The pacing of the story is genius slowly building up tension of what’s happening outside the radio station in the town, before eventually slamming everything at the remaining characters. As I mentioned I love something set in one place and that’s part of the reason I enjoyed this film.

The post credits scene, I’m guessing they had some spare budget that needed spending. Although it’s a pretty pointless scene it’s still fun to watch, so stick around until after the credits role.


Mazzy and Lisa trying to escape what’s come from them

The Bad

Nothing really stands out too much as bad in this not to a level that would effect the enjoyment you’ll get watching the movie. I found a couple of things a bit too convenient, the arrival of Dr Mendez was a bit dodgy. There’s also a two part reveal about the reporter in the helicopter, the first reveal makes sense then there’s something pointlessly thrown in that added nothing to the story.

The Maybe

Enjoyment of this whole film really depends if you can get your head round the premise of language spreading disease. I always have a quick look around the internet before posting my reviews, to see what others are saying about the film. This one is interesting as I found it quite split on people thinking it was awesome and people thinking it was poor.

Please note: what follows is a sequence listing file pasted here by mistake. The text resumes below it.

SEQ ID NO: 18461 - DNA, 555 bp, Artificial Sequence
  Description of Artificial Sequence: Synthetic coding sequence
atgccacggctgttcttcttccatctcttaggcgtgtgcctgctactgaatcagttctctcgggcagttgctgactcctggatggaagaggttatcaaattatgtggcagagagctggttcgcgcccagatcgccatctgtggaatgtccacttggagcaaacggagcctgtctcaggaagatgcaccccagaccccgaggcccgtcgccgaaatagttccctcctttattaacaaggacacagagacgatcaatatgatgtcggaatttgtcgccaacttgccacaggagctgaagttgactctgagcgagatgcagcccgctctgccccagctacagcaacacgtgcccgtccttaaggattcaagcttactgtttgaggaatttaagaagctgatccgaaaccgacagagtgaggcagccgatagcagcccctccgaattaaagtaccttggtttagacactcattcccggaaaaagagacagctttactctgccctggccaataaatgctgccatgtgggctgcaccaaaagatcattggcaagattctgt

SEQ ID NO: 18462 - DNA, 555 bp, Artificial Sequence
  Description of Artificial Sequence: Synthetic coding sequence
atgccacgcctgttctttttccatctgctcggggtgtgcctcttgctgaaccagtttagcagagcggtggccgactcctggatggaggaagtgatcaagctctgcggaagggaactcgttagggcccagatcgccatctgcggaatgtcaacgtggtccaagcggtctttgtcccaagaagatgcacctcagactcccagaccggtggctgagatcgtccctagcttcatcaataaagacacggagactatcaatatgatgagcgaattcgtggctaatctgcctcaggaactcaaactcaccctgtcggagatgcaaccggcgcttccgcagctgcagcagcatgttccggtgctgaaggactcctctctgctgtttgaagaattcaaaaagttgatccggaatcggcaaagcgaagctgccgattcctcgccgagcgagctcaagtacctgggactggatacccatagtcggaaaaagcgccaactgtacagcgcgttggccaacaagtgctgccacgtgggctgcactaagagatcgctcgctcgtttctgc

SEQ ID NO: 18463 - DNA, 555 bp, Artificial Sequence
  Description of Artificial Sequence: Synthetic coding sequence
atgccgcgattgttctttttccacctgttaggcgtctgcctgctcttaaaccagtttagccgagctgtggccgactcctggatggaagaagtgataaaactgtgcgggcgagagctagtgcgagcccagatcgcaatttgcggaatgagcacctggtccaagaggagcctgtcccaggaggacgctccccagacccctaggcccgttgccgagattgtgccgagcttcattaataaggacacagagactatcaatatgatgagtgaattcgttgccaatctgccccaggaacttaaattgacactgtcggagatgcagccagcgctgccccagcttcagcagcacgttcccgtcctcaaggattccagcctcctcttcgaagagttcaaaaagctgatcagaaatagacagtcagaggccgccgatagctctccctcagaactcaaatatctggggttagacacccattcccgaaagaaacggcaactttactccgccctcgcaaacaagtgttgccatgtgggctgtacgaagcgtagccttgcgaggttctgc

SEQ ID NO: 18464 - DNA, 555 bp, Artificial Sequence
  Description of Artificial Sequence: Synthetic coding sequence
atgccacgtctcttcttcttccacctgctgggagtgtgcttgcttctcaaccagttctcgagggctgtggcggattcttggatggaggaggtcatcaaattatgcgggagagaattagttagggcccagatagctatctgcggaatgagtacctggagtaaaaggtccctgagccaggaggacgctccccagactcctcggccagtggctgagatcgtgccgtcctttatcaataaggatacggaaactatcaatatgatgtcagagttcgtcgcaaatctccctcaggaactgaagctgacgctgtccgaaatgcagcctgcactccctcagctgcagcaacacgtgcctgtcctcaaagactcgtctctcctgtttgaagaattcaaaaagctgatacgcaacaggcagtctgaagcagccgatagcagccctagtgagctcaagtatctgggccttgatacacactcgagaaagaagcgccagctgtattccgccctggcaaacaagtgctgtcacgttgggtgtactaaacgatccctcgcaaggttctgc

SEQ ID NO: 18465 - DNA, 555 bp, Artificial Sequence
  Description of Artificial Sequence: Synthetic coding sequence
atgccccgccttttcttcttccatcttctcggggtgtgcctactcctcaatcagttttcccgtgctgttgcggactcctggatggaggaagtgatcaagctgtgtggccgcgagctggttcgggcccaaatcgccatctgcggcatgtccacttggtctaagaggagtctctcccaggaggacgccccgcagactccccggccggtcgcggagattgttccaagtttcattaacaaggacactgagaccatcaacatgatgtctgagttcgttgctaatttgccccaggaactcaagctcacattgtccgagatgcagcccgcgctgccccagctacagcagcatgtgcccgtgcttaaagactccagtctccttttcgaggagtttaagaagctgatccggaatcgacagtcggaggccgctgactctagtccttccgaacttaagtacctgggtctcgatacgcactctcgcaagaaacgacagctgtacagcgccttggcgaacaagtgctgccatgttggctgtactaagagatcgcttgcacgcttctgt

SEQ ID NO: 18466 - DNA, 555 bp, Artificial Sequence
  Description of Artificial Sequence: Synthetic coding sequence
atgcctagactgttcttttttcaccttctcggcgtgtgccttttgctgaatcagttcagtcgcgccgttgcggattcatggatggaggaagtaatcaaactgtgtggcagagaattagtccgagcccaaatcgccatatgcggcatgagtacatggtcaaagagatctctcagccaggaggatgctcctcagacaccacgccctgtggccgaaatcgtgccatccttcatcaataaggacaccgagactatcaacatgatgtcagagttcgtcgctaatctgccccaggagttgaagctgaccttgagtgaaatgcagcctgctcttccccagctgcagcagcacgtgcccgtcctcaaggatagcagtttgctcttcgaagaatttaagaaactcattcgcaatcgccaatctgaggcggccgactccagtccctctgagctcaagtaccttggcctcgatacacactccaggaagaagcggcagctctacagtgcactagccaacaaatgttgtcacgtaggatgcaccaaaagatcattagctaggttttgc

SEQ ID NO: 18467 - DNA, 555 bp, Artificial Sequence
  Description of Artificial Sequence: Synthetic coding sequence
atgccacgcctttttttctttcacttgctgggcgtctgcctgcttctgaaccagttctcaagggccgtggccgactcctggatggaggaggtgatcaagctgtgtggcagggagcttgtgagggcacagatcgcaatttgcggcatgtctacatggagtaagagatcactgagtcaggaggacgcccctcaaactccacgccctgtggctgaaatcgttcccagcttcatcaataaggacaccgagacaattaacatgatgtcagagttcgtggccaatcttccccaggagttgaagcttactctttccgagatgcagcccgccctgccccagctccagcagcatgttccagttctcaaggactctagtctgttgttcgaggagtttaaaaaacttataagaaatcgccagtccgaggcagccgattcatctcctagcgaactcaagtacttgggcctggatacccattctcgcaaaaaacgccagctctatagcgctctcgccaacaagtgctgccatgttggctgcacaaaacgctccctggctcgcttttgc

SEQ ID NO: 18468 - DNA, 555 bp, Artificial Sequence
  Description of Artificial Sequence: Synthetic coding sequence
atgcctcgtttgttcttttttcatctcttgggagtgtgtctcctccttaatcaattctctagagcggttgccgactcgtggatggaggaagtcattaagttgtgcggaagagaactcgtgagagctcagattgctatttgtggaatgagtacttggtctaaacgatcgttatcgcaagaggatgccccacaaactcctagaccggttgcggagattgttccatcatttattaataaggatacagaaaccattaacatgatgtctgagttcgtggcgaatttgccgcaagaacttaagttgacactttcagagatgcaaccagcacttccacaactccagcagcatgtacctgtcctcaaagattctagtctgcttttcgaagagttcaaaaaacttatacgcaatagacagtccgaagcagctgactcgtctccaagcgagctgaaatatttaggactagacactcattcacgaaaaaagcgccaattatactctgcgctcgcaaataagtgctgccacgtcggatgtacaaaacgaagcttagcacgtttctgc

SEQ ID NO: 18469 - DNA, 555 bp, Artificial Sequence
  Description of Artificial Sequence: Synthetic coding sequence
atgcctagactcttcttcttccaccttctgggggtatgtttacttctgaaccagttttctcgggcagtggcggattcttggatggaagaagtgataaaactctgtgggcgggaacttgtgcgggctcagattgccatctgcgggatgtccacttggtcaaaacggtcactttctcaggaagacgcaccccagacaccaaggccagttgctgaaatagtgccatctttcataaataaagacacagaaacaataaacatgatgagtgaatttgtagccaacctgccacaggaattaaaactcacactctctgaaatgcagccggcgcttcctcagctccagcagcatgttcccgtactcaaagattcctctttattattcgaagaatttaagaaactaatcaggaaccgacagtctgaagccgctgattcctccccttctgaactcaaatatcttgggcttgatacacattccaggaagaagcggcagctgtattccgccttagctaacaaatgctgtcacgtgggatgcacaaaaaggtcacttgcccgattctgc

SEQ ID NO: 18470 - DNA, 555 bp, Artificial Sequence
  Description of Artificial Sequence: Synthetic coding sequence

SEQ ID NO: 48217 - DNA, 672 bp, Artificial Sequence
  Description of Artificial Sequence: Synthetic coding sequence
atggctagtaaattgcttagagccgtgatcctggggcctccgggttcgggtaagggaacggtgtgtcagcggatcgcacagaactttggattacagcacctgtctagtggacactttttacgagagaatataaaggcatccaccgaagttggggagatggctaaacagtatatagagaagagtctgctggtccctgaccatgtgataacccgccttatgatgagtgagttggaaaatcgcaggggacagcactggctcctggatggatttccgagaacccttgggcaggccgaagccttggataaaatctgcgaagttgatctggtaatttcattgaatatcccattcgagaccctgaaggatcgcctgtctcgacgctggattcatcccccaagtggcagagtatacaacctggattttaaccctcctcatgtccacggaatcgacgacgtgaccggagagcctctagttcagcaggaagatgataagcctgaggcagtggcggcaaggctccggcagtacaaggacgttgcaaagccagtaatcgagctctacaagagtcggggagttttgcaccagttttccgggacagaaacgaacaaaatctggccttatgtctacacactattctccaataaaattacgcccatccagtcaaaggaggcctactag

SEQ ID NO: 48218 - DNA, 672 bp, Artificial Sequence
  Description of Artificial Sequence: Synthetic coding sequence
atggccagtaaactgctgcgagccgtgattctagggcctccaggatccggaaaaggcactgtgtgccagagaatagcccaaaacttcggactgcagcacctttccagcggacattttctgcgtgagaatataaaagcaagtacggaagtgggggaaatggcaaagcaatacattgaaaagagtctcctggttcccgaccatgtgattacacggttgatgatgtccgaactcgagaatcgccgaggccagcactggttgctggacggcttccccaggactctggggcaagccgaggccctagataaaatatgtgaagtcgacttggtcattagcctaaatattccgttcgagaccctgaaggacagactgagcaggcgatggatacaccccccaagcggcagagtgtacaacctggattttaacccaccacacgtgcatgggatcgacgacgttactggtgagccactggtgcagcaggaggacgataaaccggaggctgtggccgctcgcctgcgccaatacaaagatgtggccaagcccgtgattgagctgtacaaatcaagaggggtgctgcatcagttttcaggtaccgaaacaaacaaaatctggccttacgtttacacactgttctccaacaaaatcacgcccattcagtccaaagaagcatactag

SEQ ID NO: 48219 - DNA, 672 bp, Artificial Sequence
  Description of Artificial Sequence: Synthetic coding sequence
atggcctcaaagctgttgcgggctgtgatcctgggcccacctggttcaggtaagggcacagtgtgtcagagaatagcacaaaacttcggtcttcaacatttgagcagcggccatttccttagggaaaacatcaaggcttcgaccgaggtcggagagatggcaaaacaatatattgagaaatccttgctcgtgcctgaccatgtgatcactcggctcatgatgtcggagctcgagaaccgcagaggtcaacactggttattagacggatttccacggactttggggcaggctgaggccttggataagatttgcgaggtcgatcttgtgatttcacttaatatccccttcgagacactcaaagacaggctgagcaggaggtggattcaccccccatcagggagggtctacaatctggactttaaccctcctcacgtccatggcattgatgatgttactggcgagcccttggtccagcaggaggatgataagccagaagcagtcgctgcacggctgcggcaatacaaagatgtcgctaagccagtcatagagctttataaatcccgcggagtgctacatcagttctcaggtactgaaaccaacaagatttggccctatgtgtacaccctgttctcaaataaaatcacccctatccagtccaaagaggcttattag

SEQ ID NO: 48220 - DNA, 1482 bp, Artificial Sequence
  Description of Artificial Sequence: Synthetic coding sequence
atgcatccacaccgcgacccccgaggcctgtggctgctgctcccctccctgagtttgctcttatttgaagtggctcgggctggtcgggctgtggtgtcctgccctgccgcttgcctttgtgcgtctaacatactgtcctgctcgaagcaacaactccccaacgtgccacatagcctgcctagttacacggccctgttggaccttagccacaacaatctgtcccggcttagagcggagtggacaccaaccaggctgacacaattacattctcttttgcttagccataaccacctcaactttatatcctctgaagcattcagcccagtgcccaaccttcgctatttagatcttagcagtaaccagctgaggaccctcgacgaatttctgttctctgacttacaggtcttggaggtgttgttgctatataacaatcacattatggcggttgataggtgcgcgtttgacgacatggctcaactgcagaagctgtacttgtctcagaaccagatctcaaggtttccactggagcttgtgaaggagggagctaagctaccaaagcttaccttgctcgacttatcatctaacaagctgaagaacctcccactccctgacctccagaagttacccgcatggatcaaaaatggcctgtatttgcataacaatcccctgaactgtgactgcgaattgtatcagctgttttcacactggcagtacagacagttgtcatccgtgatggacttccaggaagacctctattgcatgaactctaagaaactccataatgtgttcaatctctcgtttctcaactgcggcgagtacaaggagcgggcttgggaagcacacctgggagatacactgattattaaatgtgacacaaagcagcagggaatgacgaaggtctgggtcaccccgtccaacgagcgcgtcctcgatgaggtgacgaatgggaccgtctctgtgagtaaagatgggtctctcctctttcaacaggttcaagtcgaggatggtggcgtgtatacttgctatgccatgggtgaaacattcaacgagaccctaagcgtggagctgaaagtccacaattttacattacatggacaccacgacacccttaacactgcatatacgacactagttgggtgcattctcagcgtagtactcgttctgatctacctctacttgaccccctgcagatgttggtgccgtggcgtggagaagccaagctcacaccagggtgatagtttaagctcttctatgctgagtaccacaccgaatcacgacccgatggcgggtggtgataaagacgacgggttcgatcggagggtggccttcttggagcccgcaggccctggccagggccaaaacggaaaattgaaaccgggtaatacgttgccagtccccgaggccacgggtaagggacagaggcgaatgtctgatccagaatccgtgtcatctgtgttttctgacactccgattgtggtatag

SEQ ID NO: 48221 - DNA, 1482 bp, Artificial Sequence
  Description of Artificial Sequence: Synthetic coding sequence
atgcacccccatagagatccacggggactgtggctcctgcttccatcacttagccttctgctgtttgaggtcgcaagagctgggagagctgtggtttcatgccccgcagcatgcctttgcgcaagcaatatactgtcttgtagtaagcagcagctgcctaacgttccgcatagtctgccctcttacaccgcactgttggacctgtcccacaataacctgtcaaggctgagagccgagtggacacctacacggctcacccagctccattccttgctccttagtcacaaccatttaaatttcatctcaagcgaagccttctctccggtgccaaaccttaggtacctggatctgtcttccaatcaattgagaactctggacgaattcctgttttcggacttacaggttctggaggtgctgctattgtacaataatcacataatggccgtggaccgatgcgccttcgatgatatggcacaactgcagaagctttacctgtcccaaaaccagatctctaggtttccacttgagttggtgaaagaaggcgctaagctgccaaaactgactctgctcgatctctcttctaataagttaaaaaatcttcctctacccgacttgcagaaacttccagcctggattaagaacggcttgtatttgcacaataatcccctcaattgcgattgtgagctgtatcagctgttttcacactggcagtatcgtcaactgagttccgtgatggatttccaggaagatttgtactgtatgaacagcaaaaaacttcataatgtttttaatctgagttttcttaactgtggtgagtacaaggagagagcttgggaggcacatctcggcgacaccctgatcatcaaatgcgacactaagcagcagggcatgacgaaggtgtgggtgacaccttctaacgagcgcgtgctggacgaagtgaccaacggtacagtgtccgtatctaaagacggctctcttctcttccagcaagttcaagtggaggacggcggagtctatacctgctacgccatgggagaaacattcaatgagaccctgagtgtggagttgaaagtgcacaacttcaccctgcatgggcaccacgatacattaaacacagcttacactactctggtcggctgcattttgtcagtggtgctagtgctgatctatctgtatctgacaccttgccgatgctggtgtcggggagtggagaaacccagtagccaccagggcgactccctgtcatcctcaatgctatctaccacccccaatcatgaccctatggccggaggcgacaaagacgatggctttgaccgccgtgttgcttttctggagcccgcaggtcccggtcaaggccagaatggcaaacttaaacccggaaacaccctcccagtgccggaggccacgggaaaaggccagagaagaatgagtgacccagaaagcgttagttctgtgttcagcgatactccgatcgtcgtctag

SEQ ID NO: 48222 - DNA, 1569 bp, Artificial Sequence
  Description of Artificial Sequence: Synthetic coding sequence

Dr Mendez arrives and lets our main characters know what he thinks is going on

It seemed to all boil down to if people liked the idea of language spreading a virus. I wasn’t sure at first but I thought it was pretty well executed and as much as I thought I wouldn’t like the idea I did once I’d seen it in action.

I’d recommend people to give this a watch and make your mind up, it took me a while to decide how I’d rate it. Slow paced but far from boring, a unique idea, great acting and some really tense scenes thrown in all adds up to an enjoyable and very different experience.

Overall Score – 8/10


9 thoughts on “Pontypool (2008) Review

  1. Reblogged this on Slattery's Art of Horror Magazine and commented:
    Here’s a good review of a film that I found quite enjoyable and that had premise that (as a natural linguist) I found intriguing: could a language spread disease? In the movie the illness zombiefies people, but why couldn’t a language spread a psychological ailment, a madness of some sort as language is intricately linked to the minds of both the speaker and the listener?


  2. I saw this film in college and absolutely loved it. It was such a weird but ingenious concept, and it took me a few days to get my mind off of it. I’m glad you enjoyed watching Pontypool, Ponytpool, Pontypool…oh dammit!
    By the way, I saw this movie with my school’s sci-fi club, and one fot he people there said that when the doctor starts speaking in another language, he’s actually speaking Albanian, and he’s saying “Who would’ve thought that Albanian would finally become useful here?”


  3. Pingback: Hellions (2015) Review | AcidBurnsHorrorshow